Almost a century after the original Clare Island Survey, the Royal Irish Academy has now published the first volume of the New Survey of Clare Island, entitled History and Cultural Landscape. The first in a series, this richly illustrated and accessibly written volume introduces the reader to the history and folklife of this unique island in Clew Bay, County Mayo, and to the survey that provided the inspiration for the Academy's new multidisciplinary endeavour.
The Clare Island Survey of 1901-11 was the most ambitious natural history project ever undertaken in Ireland and the first major biological survey of a specific area carried out in the world. The New Survey, which was formally launched on Clare Island in 1991, constitutes a fresh baseline study using up-to-date methods and assesses almost a century of change. It will become an invaluable source for future environmental monitoring. To date, twenty-six separate studies have been carried out. Publication of the results begins with this first volume, which contains four contributions.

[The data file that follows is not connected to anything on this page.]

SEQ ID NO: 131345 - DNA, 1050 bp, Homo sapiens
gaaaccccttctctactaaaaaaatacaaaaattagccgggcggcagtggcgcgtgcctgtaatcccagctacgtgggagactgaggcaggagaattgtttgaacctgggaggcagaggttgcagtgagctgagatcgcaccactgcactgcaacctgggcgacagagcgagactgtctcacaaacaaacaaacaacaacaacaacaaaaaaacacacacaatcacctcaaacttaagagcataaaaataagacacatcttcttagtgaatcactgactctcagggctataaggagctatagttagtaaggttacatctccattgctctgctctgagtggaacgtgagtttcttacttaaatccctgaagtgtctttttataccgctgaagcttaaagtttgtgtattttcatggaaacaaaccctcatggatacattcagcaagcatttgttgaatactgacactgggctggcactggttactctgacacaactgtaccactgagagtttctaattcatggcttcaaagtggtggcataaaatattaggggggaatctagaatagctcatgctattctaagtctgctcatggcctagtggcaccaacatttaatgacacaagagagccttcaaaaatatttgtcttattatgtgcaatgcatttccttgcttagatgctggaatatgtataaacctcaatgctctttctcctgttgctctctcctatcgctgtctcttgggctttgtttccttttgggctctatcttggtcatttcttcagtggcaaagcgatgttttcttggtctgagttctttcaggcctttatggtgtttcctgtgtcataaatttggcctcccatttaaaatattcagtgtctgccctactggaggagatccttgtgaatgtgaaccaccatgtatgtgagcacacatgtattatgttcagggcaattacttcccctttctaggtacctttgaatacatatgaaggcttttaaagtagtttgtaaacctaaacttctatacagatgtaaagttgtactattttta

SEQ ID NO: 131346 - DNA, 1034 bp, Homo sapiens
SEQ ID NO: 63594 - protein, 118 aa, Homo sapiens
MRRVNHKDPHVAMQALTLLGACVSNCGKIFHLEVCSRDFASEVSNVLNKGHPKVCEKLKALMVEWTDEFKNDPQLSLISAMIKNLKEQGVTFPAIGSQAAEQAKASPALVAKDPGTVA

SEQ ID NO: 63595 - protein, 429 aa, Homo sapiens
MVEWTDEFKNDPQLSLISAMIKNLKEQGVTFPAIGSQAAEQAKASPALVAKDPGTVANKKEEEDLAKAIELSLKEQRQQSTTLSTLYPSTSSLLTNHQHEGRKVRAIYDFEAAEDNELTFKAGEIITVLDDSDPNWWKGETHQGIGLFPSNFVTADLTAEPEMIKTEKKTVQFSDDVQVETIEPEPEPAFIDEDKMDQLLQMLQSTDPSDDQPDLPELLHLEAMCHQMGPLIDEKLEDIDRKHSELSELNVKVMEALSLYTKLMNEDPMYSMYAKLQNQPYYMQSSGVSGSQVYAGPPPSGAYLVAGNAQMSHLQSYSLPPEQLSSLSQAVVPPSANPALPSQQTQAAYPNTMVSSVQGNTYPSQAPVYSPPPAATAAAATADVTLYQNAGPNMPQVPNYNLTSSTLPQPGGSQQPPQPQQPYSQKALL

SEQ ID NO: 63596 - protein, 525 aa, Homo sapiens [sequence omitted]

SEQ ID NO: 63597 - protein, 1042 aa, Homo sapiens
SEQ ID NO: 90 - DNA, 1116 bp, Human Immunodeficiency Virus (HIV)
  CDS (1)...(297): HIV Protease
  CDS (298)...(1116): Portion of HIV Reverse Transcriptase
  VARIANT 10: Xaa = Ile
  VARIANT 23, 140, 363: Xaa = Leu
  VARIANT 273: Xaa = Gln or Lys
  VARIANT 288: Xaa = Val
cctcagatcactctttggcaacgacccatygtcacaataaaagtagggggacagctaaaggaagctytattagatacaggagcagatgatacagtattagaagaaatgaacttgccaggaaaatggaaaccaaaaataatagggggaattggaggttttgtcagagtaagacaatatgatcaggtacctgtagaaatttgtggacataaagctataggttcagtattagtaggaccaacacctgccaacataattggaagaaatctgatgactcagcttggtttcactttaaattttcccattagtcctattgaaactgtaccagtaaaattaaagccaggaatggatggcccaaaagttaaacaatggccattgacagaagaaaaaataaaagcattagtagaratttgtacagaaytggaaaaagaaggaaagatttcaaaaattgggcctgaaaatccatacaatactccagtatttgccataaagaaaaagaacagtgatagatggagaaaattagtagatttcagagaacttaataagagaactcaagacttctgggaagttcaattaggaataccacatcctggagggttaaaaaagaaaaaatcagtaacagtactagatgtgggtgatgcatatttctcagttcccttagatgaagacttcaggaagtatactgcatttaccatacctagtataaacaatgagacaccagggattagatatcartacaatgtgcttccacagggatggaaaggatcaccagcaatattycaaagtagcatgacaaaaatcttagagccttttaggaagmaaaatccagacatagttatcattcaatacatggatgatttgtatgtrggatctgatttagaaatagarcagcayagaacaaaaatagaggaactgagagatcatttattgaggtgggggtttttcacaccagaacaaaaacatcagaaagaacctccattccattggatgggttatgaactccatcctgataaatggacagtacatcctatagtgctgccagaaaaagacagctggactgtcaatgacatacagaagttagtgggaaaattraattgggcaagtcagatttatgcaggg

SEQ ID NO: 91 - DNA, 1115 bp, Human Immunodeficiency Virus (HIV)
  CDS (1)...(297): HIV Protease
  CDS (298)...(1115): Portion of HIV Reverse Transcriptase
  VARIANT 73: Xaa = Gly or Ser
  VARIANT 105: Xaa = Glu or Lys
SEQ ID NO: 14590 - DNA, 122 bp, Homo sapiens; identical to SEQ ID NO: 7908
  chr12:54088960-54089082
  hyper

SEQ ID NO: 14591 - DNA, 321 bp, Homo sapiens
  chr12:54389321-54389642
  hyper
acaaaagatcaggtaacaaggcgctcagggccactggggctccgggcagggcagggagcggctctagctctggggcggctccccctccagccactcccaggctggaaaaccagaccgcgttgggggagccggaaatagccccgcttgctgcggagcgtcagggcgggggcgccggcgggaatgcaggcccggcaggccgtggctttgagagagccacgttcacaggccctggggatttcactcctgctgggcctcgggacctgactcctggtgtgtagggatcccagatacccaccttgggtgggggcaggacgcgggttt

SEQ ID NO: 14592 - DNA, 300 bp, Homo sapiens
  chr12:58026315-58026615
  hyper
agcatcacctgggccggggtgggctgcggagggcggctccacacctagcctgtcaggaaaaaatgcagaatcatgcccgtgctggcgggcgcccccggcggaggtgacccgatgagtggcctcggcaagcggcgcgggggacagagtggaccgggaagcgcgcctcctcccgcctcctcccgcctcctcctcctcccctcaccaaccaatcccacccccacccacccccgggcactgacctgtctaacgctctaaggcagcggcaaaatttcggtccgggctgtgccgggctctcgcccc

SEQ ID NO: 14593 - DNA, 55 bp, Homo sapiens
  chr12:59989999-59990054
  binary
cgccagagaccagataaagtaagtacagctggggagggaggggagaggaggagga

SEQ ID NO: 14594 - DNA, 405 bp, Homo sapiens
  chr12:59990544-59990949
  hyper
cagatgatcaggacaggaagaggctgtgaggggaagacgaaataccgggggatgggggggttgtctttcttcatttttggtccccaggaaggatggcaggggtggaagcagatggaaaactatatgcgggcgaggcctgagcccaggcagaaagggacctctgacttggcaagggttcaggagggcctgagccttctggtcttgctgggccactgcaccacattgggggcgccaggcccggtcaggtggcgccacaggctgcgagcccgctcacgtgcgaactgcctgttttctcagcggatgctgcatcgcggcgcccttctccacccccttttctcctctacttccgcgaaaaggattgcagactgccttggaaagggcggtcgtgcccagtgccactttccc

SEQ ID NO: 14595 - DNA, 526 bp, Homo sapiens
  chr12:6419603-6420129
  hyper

Timothy Collins gives a lively and comprehensive account of the origins of the first Clare Island Survey and of the subsequent careers of the participants, among whom Robert Lloyd Praeger was a key figure. Criostoir Mac Carthaigh records aspects of the island's folklife-farming and fishing practices, vernacular housing, boat and house construction. Kevin Whelan considers the evolution of landscape and society in the pre-Famine west of Ireland and focuses on the reshaping of Clare Island's settlement patterns by the Congested Districts Board from 1895. Lastly, Nollaig O Muraile documents the rich body of the island's place-names.
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